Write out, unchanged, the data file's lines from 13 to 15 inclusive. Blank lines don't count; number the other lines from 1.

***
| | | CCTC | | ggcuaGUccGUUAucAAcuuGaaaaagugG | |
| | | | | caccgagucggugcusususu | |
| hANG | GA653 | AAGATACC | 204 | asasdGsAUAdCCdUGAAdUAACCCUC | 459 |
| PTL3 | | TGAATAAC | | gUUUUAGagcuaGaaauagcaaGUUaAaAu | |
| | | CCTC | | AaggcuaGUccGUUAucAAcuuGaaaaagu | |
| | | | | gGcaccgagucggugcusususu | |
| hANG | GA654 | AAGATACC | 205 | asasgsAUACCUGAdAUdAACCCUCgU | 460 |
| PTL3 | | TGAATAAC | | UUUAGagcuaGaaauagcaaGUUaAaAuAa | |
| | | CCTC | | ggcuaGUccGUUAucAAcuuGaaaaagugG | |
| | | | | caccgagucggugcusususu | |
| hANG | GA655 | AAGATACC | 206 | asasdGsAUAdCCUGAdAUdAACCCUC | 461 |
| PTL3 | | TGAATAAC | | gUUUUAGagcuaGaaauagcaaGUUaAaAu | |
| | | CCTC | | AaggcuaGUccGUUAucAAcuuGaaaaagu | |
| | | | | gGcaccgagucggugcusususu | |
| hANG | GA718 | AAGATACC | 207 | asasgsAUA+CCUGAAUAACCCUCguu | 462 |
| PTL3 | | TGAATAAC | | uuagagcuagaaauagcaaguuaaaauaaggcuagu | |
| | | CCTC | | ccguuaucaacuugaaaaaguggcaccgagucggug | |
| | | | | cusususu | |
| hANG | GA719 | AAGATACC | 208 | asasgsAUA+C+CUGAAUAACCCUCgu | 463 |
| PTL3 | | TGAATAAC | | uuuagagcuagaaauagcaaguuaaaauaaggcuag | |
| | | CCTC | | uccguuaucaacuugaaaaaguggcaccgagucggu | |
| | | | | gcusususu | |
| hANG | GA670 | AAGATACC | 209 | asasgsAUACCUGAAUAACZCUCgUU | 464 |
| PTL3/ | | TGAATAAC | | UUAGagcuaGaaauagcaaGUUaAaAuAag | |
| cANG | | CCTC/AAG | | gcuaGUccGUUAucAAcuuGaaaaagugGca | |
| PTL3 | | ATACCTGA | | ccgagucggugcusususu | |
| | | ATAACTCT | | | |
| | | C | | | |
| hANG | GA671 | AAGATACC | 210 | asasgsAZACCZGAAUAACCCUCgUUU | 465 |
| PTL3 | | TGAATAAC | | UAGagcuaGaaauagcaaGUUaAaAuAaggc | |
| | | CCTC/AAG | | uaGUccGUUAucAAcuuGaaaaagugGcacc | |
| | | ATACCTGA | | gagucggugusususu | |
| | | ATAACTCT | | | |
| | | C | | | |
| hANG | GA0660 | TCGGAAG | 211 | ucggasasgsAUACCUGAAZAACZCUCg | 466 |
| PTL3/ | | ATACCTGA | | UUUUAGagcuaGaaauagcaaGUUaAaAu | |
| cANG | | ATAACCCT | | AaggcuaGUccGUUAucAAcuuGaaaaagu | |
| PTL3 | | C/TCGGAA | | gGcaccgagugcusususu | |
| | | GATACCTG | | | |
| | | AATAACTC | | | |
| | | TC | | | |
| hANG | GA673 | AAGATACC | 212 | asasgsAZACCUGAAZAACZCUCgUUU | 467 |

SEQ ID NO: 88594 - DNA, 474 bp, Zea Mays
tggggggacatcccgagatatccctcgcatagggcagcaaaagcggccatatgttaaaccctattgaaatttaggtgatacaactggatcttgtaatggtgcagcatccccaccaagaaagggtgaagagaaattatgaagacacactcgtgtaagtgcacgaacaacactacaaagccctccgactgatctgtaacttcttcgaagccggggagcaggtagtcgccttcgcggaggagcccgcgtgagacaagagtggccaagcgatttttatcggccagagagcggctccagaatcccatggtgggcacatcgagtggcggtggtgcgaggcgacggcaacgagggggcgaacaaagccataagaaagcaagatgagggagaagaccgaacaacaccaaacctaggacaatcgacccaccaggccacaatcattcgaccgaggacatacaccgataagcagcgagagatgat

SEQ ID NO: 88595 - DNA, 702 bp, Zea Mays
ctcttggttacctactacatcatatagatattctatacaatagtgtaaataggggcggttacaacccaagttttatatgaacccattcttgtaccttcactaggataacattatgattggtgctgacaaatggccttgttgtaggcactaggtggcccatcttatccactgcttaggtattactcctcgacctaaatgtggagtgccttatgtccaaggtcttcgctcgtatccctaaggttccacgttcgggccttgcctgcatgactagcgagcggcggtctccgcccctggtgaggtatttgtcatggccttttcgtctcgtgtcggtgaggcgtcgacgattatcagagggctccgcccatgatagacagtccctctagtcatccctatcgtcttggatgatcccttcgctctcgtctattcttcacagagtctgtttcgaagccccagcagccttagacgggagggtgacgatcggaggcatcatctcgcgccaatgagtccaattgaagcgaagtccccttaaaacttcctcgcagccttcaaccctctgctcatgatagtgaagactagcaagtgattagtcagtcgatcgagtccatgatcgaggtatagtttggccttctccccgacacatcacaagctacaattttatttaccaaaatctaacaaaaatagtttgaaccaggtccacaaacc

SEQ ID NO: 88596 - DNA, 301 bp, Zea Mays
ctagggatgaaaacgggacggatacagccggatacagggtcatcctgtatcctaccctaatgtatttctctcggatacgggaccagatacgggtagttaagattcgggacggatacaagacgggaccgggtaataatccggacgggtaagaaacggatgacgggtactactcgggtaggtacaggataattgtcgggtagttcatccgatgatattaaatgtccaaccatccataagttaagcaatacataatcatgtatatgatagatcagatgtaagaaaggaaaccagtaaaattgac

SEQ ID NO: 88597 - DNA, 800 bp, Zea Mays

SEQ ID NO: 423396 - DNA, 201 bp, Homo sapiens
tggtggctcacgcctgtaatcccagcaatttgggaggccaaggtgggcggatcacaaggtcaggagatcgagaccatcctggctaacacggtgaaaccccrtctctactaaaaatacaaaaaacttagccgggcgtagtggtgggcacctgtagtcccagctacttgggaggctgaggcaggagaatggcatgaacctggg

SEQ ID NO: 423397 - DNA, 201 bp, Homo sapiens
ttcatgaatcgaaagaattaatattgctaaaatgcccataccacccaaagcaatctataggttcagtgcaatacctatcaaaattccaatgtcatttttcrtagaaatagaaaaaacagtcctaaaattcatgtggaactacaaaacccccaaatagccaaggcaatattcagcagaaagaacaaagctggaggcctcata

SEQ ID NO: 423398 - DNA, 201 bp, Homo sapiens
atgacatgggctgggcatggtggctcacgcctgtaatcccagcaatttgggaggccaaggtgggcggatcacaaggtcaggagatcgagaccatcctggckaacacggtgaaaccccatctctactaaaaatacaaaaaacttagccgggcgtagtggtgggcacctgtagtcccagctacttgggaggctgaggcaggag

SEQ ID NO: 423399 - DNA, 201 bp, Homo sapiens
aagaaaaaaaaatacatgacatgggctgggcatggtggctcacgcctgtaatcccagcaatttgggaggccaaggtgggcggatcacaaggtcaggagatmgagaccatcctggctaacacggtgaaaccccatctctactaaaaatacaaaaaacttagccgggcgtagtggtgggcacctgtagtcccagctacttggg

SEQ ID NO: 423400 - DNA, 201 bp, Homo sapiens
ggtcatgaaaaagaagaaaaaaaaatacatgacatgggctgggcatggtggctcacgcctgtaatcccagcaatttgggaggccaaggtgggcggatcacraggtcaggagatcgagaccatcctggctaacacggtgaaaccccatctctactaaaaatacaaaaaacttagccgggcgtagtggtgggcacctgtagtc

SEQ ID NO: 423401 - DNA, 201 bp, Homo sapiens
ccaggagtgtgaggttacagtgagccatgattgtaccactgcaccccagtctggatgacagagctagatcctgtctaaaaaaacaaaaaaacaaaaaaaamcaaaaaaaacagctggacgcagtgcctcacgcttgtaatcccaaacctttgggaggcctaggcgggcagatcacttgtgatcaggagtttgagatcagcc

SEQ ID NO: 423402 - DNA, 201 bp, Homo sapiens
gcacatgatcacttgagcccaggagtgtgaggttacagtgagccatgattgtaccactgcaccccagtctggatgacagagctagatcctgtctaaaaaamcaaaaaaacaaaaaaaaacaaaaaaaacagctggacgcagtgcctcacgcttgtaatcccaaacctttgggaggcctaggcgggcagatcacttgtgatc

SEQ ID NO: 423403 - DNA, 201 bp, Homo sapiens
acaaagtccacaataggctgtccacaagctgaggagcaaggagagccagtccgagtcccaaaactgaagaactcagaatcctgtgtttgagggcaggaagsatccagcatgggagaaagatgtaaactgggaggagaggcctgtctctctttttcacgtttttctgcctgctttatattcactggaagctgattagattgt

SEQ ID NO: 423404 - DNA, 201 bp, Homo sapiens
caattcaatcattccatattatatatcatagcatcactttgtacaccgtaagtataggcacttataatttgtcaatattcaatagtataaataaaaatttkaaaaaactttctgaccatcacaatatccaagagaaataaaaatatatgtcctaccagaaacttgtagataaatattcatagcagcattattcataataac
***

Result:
| | | CCTC | | AaggcuaGUccGUUAucAAcuuGaaaaagu | |
| | | | | gGcaccgagucggugcusususu | |
| hANG | GA718 | AAGATACC | 207 | asasgsAUA+CCUGAAUAACCCUCguu | 462 |